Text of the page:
Wolf: Mark Reynolds and the game of life
Watching Mark Reynolds play the game of baseball is a fascinating way to pass the summer months. He is the most entertaining player the Diamondbacks have on their roster and summers in the Basin can be brutal. The Sonoran Sun will idle the hands of even the most ardent worker and turn busy Basinonians into sedentary lumps of coolent-craving fiends.
Mark Reynolds is the cure for oppressive heat and sun-soaked days. But before you can understand his power, you must understand the nature of baseball and where Reynolds' "mojo" lives.
The game he plays needs to be considered in dispensations that include weeks not days, but watching it on a daily basis can be tedious. And this is where Mark Reynolds shines the brightest, depending on your perspective, and why he might change the way you view or hear a baseball game.
But before I tell you why your perspective may change, you must understand the nature of Mark Reynolds and why his "mojo" lives.
Mark Reynolds is never boring. He is a one-man-band with a built in laugh-track and Q-rating that makes UFO hunters observe his every move; he is audio/visual nitroglycerin, capable of making perfectly normal people explode in unfettered fits of rage or unbridled jubilation. His sphere of influence transcends the game of baseball, striking a chord in us that few baseball players have ever been able to find let alone play.
Mark Reynolds is not some corner-infielder playing baseball for the Arizona Diamondbacks, a man desperately trying to become a more consistent Major League player. Mark Reynolds, and watching him play the game of baseball, is nothing short of a living, breathing metaphor of our struggle between good and evil.
And, if you allow yourself to view him this way, exactly why I recommend you pass the summer by watching his every move.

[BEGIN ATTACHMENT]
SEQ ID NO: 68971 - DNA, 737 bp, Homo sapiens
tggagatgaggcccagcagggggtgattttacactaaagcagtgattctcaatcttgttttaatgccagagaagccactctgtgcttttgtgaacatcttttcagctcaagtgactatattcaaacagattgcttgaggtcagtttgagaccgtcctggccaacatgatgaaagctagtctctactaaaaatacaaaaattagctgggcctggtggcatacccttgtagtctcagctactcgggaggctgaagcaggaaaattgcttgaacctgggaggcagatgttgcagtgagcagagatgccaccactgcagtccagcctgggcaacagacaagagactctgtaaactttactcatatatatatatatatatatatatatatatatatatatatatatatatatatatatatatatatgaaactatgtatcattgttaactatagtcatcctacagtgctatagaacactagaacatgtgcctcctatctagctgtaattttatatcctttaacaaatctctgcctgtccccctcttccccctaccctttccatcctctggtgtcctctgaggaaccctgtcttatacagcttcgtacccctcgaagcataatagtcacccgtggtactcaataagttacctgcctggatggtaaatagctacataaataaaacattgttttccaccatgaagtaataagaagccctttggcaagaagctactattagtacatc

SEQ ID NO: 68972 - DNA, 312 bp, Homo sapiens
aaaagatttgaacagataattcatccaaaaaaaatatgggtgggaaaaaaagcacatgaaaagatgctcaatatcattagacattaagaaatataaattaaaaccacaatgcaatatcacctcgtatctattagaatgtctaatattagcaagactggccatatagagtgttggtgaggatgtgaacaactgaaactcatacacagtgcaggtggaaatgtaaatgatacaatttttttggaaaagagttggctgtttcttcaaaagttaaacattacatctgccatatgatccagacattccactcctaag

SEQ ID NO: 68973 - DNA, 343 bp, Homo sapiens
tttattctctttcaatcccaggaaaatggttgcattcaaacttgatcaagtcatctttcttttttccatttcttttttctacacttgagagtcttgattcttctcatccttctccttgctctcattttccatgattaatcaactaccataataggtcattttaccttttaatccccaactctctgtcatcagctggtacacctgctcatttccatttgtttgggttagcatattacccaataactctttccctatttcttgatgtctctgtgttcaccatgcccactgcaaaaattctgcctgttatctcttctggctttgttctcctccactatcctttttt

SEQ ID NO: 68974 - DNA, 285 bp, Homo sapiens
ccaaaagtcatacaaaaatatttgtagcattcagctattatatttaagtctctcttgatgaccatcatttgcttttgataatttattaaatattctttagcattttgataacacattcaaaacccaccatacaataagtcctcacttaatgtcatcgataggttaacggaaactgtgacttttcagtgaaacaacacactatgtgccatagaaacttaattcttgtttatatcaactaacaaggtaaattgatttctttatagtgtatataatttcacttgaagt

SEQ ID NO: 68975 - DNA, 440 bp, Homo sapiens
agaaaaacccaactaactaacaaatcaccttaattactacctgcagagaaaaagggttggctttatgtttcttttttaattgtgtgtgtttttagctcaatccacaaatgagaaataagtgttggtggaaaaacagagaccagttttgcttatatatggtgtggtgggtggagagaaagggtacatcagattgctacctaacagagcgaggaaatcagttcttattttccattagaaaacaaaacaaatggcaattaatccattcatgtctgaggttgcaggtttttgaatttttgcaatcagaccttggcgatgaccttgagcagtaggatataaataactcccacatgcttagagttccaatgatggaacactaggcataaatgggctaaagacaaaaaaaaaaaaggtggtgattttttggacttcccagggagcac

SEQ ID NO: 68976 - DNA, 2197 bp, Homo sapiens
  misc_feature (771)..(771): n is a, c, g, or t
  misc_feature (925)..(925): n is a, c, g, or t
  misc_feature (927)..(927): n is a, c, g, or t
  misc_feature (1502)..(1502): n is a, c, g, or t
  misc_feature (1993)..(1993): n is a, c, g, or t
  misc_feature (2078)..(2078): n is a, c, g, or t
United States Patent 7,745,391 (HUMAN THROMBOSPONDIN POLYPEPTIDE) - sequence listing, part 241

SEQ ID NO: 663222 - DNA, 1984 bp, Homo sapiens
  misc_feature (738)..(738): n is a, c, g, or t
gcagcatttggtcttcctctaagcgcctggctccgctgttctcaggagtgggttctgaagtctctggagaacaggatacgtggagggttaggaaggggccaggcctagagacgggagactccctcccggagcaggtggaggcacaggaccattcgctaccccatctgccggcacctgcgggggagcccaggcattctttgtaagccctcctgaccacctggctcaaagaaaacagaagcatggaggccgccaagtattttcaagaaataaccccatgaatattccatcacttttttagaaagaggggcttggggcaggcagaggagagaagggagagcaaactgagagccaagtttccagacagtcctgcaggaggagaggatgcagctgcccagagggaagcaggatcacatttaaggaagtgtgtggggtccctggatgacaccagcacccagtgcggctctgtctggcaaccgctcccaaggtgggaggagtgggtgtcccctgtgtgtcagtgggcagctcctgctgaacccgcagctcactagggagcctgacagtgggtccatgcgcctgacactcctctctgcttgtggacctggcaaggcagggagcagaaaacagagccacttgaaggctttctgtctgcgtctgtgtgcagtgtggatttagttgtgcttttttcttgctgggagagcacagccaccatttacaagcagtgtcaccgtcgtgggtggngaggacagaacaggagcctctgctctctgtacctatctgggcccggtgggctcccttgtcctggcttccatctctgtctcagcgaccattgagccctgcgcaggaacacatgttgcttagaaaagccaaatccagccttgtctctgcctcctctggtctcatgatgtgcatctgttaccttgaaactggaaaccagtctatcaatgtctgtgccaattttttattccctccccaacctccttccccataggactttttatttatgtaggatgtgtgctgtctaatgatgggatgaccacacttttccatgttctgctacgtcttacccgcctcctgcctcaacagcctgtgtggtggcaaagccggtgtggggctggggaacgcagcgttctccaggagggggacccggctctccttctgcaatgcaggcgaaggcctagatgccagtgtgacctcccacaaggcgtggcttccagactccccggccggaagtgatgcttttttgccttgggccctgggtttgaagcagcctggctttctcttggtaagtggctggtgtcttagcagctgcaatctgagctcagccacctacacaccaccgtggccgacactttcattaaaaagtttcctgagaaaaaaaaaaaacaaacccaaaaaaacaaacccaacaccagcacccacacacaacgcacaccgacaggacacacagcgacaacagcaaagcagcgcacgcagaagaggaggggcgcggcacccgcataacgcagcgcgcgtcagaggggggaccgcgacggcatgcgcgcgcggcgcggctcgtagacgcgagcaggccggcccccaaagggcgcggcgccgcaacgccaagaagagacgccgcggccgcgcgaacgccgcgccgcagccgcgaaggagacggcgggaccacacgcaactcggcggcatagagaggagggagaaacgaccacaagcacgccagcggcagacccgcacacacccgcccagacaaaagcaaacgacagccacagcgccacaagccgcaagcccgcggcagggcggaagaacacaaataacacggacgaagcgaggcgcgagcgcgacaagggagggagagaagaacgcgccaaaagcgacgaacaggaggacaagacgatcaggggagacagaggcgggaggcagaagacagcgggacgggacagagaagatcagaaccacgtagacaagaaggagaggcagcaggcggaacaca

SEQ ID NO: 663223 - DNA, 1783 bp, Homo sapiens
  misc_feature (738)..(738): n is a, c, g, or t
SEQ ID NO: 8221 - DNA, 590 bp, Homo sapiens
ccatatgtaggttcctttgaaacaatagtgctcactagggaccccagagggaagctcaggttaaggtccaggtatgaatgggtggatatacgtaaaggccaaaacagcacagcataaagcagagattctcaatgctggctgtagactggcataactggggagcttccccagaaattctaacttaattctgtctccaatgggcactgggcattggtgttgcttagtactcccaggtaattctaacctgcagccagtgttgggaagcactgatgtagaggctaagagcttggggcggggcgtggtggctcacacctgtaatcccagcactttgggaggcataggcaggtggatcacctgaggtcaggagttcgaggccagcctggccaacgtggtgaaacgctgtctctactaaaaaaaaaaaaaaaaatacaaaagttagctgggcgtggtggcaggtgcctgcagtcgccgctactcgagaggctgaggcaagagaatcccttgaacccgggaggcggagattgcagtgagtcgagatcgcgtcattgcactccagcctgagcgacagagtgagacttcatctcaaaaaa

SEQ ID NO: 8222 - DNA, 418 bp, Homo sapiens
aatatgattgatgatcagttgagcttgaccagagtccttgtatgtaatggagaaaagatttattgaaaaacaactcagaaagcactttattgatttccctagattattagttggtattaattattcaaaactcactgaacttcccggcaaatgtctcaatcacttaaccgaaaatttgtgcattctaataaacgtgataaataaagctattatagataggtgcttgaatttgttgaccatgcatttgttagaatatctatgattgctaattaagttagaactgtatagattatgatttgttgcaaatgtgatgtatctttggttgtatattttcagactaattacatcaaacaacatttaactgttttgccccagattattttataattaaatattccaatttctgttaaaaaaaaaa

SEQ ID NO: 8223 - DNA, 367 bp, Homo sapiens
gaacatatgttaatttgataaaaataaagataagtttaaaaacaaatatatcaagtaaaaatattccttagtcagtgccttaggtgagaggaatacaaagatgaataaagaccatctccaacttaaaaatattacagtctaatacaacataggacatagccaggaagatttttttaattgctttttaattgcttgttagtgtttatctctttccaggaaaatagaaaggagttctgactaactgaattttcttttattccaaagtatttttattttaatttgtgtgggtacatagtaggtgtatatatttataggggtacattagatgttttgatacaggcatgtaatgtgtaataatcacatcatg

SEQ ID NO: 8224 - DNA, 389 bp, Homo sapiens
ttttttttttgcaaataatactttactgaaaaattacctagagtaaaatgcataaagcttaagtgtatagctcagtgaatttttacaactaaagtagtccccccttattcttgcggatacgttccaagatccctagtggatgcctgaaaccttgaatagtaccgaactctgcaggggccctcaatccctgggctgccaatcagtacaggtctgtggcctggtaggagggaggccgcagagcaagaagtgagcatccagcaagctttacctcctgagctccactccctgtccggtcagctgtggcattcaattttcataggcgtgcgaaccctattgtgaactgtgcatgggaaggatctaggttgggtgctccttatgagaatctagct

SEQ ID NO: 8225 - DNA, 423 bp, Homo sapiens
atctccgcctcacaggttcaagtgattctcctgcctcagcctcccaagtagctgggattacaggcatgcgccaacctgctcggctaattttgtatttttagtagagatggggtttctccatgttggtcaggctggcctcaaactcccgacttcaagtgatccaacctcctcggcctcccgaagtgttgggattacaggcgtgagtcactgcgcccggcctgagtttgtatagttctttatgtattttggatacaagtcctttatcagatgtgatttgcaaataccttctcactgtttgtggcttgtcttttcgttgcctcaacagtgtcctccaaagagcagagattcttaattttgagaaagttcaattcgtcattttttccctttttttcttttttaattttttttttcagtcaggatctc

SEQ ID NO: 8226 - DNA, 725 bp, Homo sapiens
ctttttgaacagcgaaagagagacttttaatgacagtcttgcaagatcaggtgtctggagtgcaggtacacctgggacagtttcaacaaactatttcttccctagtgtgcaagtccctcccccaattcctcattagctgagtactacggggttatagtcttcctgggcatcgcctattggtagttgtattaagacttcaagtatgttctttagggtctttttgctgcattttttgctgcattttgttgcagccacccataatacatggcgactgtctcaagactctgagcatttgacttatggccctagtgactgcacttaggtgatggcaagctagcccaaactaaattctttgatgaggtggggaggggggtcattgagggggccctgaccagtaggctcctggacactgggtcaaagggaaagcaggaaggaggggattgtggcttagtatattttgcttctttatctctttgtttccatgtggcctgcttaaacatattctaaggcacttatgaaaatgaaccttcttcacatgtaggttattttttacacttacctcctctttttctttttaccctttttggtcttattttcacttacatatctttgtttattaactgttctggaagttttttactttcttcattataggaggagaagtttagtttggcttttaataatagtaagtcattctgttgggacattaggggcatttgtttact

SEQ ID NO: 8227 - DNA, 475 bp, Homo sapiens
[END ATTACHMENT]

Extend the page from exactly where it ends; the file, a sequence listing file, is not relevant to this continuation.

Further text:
He boots balls he should have no problem with and throws balls into the seats with aplomb. He struggles at the dish with an efficiency that makes the rising and setting sun seem like guesswork. He'll wave at balls out of the strike-zone, swing without regard for his own safety or those around him and look completely incapable of hitting a beach ball with a pledge-paddle. There are times he looks like he doesn't belong in baseball let alone the best baseball our species can spawn.
He becomes the embodiment of everything that is wrong with us, the proof of our condition - the vessel of evil we know we're capable of becoming.
And then, humanity happens.
Mark Reynolds, suddenly and without warning, will make a play on a ball that three other humans in the history of the game could make. His at-bats abruptly change into works of art before our very eyes. Although he still waves at balls out of the strike-zone, swings without regard for his own personal safety or those around him and looks completely incapable of hitting a beach ball with a pledge-paddle, the next pitch ends up in the seats! He morphs into some super-human, some paragon of proficiency, no longer just a flawed product of our own devices, a man subjected to the frailties of our kind, but now a man we do not recognize, a man that could drive a pea into the gap with a no. 2 pencil!
He becomes the embodiment of everything that is right with us, the proof of our Creator's good and pleasing hand - the vessel of good we know we're capable of being.
So when the summer heat gets you down and boring comes at you in sun-soaked days of 115 degrees, consider watching or listening to (Sports 620 KTAR) the struggle we all face. Tune-in to the Diamondbacks, get primal and understand what Mark Reynolds is really doing on the diamond.
He's not just playing baseball; he's reminding us what we're capable of and the consistent effort we all need to make in order to not go 0-4 with 4-strikeouts while committing 2-errors in the biggest game of all: the game of life.